“Eating One’s Own Dogfood” Should Not Be an Excuse for Reduced Quality

Personal Comment: I started this article about 5 months ago and it’s just been sitting in my queue. I’ve been undecided about publishing because I’m not especially fond of it. But rather than let the bits rot, I thought I’d share it in the hope that someone will get some benefit out of it. If you find this interesting or helpful please leave a comment. Thanks.

The concept of “dog fooding” your own products has been around for a long time, and has been made famous my Microsoft who are rumoured to practice “dog fooding” their products as a regular part of their culture. What is dog-fooding?

To say that a company “eats its own dog food” means that it uses the products that it makes … The metaphor of a company “eating its own dog food” takes this idea one step further to say that the company has not merely considered the value of the product for consumers (that is, whether the dog will eat the dog food), but actually is a consumer of the product. – Wikipedia

The case for “Eating one’s own dogfood”
Dogfooding is generally considered a good thing because it provides early feedback to the development team and allows the the product to be used in ways the team never envisioned. There are also marketing reasons why using one’s own product is advantageous. The benefits of dog-fooding, however, are based upon the assumption that high quality software is released to internal customers. This assumption is fraught with danger because we know from experience that software quality (in general) is very low. So, what happens when poor quality software is released to internal customers and they are expected to consume it? How does this affect the behaviour of the development team, and their internal customers?

Dog-fooding as an anti-pattern
“Eating one’s own dog-food” becomes an antipattern when software quality is low and internal customers are treated as an extended QA team. This can happen when the team are pushed to meet a scheduled deadline without proper regard for the quality [of the software]. When this happens the burden of comprehensively testing the product is often shifted to the captive internal customer base.

When this behaviour is repeated over a period of time, relying on the feedback of internal customers becomes an excuse to deliver poor quality software; why perform comprehensive testing when your captive audience will find the bugs for you? Dogfooding becomes a safety net rather and a competitive advantage.

Symptoms that dog-food is poisoning the food chain
When poor quality software is propagated throughout an organization it can have a huge effect on the organization’s ability to quickly and easily release software.

Teams that are dependent upon the dogfood are forced into depending upon poor quality software with numerous issues and defects. Internal customers are negatively impacted when patches are rolled out. I have worked with at least two large clients who have had great difficulty releasing software in part because of the poor quality of the dog-food. Symptoms of dog-food poisoning include:

  • Dogfooding is mandated by senior management, often against the wishes of the team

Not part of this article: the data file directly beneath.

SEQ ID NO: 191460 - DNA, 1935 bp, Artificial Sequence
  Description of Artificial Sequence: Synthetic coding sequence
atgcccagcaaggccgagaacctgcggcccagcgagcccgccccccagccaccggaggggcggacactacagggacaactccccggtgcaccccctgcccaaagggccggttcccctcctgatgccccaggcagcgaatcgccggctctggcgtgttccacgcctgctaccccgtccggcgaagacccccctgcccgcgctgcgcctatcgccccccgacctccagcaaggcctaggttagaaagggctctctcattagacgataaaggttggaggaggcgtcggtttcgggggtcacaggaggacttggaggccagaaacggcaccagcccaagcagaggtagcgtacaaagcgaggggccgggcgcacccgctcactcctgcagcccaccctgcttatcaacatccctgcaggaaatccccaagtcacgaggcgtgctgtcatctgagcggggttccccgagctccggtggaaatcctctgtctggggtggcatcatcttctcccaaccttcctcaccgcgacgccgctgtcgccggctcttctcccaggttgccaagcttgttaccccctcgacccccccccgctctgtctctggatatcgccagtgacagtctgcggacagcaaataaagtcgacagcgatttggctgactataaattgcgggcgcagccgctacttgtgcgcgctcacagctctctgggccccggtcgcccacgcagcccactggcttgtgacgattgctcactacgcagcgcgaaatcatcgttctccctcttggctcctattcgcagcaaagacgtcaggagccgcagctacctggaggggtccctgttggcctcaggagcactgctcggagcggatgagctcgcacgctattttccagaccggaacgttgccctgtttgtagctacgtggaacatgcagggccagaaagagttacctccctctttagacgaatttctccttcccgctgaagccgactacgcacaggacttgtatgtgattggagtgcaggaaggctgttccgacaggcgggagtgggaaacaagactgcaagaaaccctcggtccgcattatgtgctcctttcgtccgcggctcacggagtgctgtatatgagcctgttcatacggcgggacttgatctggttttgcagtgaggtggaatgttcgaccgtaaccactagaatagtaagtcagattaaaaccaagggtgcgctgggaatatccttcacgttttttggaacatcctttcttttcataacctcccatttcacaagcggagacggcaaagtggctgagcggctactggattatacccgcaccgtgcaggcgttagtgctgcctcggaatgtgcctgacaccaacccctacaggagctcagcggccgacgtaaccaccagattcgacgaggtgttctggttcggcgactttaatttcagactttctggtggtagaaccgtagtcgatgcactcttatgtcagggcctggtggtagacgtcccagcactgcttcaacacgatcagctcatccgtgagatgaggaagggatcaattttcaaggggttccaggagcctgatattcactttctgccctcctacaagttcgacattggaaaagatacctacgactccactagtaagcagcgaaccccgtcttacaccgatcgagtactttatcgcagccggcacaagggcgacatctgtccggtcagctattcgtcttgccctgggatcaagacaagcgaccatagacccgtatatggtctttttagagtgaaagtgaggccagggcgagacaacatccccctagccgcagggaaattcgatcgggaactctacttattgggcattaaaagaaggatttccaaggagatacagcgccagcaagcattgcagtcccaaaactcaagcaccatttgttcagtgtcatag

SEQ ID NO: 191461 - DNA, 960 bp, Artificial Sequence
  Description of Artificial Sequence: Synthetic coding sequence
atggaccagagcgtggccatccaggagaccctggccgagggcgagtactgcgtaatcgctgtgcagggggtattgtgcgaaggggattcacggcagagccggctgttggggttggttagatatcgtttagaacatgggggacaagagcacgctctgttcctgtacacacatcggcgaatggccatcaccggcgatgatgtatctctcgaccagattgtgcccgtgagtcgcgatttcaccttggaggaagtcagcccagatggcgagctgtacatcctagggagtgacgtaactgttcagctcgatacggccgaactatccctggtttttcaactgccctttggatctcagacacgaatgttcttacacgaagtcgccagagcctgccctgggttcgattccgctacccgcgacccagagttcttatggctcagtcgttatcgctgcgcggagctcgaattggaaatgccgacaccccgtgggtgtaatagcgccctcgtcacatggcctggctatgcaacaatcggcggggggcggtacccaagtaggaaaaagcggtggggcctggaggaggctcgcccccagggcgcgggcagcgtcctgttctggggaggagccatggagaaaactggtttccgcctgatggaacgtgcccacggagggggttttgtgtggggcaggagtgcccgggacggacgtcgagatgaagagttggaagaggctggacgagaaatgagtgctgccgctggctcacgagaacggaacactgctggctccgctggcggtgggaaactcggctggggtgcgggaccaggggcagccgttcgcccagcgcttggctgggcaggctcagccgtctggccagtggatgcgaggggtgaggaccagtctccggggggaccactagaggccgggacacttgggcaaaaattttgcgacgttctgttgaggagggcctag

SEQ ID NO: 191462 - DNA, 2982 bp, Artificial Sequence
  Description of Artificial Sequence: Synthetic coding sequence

• Patches and Upgrades have unforeseen impact on projects that are several degrees removed
  • Internal customers are resistant to accepting patches and upgrades, and
  • Internal customers using other (unapproved) tools and products without fully informing management

Alternatives approaches to Dog-Fooding
To be clear I’m not suggesting that dog-fooding has no place. I’m attempting to point out that when poorly executed the practice of dog-food can have a very large negative impact on an organization. If the practice of dog-fooding has any merits what must be done to experience those benefits?

  • Treat all clients whether internal or external the same. I feel that this is really the issue at hand. Treating internal clients as an extension of the QA cycle is a poor excuse for not delivering high quality code. It’s important to understand that the time and attention of internal clients is as important as external clients. Treating both with respect will greatly improve both the relationship and ultimately the quality of software produced.
  • Only release high quality software. This sounds like an obvious statement, but when so many companies have trouble producing high quality software I feel that it’s worth stating. High quality software means software that has (at the very least) been built, unit tested, integrated, and functionally tested with no outstanding bugs.
  • Finally, allow for competitive selection of tools from the marketplace. Allow teams to select their own products and tools, and then listen to them very carefully when they don’t eat the dog food. If the team is selecting an external tool over the internal tool, there must be a reason for it. Is the external tool easier to use? Is it more flexible, or more easily customizable?

To summarize, dog-fooding is the practice of using the same products that one creates. The practice of dog-fooding needs to be predicated by high quality software to be effective. Dog-fooding should not be used as an excuse for releasing poor quality software. Releasing poor quality software into the food chain results in dysfunctional behaviour that makes it more and more difficult to release high quality software.

Only by continually focusing on releasing high quality software can dog-fooding be an effective practice.

Download the PDF version: Eating One’s Own Dogfood blog

Posted in Agile

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